- The Washington Times - Thursday, July 8, 2021

Evangelical Christians attending secular colleges want more help in studying the Bible, and then in applying the Scripture to issues such as racial justice and climate change, a study released this week reveals.

According to InterVarsity Christian Fellowship, one of the largest college campus ministries in the U.S., addressing racial justice and climate change rank as the most important social issues for their survey participants.

The group has more than 1,100 chapters across the country, ranging from community colleges to Ivy League schools.

Following a year of pandemic-related disruption, the students said isolation, lack of community, and/or a lack of social interactions were cited as primary factors in a decline in student’s mental health.

The group said 47% of students reported that their mental and emotional health has been negatively affected as a result of the pandemic. Of these, 71% attributed this to isolation, lack of community, and/or a lack of social interactions, the survey indicated.



Despite the emotional challenges the pandemic presented, an InterVarsity official said these students still view understanding the Bible as their chief concern.

“I think the survey reinforces InterVarsity’s historic commitments around discipleship and evangelism. In the survey of Gen Z students, 60% of them [said] that the number one discipleship tool they wanted was help studying Scripture,” said Greg Jao, the group’s chief communications officer.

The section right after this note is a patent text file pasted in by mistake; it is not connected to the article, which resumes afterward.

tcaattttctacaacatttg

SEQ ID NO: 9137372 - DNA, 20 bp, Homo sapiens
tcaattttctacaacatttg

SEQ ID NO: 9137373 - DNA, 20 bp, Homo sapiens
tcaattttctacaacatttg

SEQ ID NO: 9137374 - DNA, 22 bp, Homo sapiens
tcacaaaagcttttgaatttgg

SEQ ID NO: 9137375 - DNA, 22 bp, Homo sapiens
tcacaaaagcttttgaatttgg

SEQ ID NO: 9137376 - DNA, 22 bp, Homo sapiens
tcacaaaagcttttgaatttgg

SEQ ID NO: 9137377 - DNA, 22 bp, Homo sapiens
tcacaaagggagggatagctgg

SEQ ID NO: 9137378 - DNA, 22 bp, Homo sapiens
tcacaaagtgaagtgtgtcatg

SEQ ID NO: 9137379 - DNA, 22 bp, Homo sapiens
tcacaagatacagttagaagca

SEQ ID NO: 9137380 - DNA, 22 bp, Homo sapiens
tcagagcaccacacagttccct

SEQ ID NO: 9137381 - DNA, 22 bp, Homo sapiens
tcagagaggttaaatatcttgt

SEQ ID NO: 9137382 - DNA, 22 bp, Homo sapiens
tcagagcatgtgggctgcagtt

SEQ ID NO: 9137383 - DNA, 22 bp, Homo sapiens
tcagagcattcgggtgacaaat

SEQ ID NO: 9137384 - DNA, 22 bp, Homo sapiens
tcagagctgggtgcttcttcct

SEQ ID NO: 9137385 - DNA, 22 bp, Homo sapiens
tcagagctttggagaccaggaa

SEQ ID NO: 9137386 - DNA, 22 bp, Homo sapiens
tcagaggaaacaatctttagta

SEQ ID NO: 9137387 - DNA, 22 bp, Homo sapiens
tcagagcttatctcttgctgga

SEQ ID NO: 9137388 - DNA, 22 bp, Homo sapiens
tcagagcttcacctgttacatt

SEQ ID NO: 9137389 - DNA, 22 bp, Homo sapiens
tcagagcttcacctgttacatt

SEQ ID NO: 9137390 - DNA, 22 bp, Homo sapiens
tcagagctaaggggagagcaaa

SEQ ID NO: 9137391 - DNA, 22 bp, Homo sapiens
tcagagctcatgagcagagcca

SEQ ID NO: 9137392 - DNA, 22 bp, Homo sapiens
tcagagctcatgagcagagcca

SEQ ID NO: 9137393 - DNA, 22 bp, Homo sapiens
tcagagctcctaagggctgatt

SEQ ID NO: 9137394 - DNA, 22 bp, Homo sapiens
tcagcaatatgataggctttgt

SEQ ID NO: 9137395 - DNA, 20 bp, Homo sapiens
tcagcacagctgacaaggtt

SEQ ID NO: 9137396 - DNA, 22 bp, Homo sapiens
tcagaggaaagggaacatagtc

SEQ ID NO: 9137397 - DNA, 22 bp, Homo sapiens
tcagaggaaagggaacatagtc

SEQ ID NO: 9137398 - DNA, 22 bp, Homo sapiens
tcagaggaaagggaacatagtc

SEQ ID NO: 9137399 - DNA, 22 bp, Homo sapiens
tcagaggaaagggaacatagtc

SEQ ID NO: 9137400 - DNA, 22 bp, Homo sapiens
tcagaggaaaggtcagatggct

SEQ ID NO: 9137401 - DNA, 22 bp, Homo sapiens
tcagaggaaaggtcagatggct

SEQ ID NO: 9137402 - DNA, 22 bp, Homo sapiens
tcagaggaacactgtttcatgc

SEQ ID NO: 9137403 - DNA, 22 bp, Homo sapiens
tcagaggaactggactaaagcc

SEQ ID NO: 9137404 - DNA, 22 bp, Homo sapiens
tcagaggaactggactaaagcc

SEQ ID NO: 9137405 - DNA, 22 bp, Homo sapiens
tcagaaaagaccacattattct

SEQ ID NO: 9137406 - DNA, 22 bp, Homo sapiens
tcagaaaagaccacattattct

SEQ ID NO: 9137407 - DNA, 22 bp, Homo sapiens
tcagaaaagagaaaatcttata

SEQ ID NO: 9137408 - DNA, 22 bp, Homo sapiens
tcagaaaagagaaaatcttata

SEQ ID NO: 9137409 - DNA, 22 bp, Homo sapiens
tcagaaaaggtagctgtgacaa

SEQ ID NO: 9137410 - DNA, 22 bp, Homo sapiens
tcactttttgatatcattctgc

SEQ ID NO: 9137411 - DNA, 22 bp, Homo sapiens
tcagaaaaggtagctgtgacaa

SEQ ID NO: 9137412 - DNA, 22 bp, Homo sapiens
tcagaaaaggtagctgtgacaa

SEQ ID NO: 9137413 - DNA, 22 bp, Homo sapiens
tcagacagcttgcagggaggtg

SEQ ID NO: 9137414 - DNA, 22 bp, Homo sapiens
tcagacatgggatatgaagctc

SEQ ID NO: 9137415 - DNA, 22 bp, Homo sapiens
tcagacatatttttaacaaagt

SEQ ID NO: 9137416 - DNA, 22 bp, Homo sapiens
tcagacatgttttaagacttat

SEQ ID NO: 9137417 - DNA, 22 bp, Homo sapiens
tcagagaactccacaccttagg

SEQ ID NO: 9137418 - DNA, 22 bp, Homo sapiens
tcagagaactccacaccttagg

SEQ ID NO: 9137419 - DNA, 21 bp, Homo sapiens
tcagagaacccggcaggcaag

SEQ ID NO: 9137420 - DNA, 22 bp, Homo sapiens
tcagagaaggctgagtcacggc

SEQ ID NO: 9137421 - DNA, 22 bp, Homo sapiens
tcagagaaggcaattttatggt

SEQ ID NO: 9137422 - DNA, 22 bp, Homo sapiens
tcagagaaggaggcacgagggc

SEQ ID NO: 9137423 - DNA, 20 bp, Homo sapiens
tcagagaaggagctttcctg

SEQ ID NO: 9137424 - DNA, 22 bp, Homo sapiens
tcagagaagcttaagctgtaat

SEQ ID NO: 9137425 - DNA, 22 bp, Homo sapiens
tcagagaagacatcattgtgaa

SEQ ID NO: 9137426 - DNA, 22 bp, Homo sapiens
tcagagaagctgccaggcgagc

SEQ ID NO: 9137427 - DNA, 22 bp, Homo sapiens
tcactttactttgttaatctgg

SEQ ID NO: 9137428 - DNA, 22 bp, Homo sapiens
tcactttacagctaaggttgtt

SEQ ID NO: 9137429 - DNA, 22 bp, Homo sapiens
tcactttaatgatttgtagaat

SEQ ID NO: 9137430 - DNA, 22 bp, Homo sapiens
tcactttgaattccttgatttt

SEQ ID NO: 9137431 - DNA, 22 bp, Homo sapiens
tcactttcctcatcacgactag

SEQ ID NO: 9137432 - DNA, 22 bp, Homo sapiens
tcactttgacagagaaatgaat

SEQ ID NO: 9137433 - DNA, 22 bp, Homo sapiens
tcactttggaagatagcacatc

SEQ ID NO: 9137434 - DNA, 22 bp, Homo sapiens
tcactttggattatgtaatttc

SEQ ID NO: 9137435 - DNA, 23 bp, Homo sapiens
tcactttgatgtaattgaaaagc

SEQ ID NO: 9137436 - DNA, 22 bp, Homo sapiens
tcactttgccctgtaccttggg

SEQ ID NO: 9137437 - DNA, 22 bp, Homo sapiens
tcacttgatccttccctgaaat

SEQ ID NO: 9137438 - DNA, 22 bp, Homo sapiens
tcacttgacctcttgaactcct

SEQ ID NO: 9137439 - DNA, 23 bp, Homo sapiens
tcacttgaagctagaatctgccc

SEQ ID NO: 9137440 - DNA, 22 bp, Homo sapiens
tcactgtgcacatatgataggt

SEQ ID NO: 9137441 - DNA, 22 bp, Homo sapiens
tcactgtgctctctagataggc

Mr. Jao said he was not surprised that 39% of InterVarsity-surveyed students want information and guidance on racial justice issues. He noted that 52% of college students are persons of color, making this the most ethnically diverse generation ever to attend college.

“I think their concerns around racial justice issues reflect the fact that they are the most diverse generation in history,” Mr. Jao said. “What they’re asking for, I believe, is, ‘Does the church have anything relevant and helpful to add to the conversation?’”

He added, “I think what students are longing for is a way of understanding how Scripture speaks to these issues. And I think they’re longing for churches that would help them understand that.”

Along with ranking racial justice as their top social issue, the students said they were concerned about climate change (29%), foster care, adoption, and orphan care (28%). Jobs and the economy (14%), immigration (10%) and serving refugees (8%) were ranked the lowest, the group stated.

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